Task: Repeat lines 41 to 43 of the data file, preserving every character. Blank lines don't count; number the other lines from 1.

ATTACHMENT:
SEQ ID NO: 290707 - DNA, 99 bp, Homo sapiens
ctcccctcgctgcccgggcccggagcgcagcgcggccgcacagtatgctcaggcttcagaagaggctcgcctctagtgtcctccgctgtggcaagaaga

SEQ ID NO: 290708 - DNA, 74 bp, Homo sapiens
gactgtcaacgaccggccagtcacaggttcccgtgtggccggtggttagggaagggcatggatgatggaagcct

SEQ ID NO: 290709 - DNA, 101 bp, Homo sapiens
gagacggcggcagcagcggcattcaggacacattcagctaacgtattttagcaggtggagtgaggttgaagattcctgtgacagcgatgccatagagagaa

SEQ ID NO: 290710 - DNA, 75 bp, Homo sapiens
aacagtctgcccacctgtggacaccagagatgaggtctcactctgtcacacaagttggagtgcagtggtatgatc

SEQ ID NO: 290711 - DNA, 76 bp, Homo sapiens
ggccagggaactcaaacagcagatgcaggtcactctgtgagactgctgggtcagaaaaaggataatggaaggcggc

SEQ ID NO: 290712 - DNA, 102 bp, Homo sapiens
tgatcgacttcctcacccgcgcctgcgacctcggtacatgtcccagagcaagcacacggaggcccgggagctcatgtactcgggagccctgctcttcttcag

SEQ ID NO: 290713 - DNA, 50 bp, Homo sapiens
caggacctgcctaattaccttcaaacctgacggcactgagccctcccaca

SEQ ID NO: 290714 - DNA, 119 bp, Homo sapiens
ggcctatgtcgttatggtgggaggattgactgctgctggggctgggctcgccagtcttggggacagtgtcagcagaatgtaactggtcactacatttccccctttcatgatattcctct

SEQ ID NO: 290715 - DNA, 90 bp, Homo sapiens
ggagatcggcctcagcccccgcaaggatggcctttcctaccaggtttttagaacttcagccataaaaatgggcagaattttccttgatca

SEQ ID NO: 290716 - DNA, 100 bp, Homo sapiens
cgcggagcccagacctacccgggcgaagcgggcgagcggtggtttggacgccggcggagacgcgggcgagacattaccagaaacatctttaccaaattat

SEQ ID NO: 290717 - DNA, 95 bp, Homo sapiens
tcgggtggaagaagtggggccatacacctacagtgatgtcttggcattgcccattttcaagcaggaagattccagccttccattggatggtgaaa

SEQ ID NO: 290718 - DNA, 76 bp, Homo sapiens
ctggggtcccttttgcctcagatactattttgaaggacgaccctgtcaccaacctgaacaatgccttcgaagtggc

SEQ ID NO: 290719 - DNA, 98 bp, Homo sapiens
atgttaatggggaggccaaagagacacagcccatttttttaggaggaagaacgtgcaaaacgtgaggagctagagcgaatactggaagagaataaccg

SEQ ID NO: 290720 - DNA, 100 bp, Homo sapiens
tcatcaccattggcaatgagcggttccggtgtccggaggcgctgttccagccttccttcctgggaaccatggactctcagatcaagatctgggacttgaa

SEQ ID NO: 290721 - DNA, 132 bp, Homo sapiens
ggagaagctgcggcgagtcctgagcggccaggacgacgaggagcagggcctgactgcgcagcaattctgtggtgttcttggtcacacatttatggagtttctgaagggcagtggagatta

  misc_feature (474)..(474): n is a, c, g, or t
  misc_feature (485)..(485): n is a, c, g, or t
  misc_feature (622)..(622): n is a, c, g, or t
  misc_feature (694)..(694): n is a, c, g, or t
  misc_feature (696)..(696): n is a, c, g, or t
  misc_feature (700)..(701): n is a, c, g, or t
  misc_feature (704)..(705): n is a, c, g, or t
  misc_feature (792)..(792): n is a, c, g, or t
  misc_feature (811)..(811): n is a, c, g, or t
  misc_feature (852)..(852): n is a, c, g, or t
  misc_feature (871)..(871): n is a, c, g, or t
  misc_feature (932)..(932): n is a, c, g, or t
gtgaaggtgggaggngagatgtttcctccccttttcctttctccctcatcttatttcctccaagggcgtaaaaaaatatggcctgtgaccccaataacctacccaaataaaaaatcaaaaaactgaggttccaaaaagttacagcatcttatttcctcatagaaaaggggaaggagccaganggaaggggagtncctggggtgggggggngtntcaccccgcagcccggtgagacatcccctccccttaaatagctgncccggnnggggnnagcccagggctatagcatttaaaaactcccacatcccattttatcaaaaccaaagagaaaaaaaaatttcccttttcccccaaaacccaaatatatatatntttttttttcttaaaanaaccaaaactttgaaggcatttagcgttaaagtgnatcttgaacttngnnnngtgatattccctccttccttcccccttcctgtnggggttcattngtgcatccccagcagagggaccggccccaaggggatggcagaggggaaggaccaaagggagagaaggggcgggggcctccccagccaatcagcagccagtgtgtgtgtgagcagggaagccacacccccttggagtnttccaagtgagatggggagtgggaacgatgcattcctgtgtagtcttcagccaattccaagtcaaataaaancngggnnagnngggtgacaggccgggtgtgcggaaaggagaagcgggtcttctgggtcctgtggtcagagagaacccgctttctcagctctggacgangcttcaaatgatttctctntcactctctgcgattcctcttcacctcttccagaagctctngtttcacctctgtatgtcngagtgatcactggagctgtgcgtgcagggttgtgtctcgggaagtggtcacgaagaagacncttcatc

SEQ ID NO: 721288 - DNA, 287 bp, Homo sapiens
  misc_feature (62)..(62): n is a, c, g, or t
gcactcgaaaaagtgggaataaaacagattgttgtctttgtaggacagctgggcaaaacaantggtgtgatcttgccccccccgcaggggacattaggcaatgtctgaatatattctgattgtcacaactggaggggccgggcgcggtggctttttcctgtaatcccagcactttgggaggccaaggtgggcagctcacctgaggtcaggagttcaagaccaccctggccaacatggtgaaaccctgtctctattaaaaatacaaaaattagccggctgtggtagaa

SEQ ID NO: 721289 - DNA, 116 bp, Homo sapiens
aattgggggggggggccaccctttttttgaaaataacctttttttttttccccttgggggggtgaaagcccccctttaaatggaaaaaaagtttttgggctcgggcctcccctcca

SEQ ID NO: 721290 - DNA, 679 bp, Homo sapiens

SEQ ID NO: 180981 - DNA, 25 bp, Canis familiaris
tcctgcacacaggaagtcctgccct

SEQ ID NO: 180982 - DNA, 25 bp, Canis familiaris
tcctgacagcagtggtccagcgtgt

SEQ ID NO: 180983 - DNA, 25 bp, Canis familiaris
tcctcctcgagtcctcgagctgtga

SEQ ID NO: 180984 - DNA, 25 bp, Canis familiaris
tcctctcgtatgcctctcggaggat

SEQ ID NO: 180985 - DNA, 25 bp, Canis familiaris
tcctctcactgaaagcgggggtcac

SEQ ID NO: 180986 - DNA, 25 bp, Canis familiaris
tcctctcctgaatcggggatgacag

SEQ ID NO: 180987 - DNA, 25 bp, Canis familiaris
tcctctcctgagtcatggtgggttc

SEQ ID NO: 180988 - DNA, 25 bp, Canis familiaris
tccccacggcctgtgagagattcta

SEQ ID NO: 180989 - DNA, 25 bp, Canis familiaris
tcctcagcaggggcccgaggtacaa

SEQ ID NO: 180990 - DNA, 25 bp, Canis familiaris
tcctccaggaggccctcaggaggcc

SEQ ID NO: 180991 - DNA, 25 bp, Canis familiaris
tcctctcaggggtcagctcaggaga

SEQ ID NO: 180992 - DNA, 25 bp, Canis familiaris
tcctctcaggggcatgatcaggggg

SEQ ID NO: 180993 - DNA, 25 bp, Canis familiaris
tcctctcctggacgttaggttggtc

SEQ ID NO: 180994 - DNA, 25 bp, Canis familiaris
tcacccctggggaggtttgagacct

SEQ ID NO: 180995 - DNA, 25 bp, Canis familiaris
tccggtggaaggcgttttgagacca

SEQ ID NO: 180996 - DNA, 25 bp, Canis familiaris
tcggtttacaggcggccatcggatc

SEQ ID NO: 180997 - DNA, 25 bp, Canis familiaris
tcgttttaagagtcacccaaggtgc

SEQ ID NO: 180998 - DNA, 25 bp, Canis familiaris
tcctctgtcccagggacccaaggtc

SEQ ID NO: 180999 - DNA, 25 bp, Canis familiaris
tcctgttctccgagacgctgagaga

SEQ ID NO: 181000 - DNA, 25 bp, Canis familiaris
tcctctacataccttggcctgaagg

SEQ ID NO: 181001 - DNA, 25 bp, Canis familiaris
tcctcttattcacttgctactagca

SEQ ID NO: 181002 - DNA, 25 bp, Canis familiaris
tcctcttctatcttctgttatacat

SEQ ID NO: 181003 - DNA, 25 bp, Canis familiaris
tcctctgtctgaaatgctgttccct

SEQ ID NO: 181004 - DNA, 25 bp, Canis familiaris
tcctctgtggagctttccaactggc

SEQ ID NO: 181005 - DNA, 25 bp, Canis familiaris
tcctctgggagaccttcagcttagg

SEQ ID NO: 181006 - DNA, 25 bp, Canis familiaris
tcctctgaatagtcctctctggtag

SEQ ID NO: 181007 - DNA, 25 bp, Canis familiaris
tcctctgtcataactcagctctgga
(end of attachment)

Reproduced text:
  misc_feature (871)..(871): n is a, c, g, or t
  misc_feature (932)..(932): n is a, c, g, or t
gtgaaggtgggaggngagatgtttcctccccttttcctttctccctcatcttatttcctccaagggcgtaaaaaaatatggcctgtgaccccaataacctacccaaataaaaaatcaaaaaactgaggttccaaaaagttacagcatcttatttcctcatagaaaaggggaaggagccaganggaaggggagtncctggggtgggggggngtntcaccccgcagcccggtgagacatcccctccccttaaatagctgncccggnnggggnnagcccagggctatagcatttaaaaactcccacatcccattttatcaaaaccaaagagaaaaaaaaatttcccttttcccccaaaacccaaatatatatatntttttttttcttaaaanaaccaaaactttgaaggcatttagcgttaaagtgnatcttgaacttngnnnngtgatattccctccttccttcccccttcctgtnggggttcattngtgcatccccagcagagggaccggccccaaggggatggcagaggggaaggaccaaagggagagaaggggcgggggcctccccagccaatcagcagccagtgtgtgtgtgagcagggaagccacacccccttggagtnttccaagtgagatggggagtgggaacgatgcattcctgtgtagtcttcagccaattccaagtcaaataaaancngggnnagnngggtgacaggccgggtgtgcggaaaggagaagcgggtcttctgggtcctgtggtcagagagaacccgctttctcagctctggacgangcttcaaatgatttctctntcactctctgcgattcctcttcacctcttccagaagctctngtttcacctctgtatgtcngagtgatcactggagctgtgcgtgcagggttgtgtctcgggaagtggtcacgaagaagacncttcatc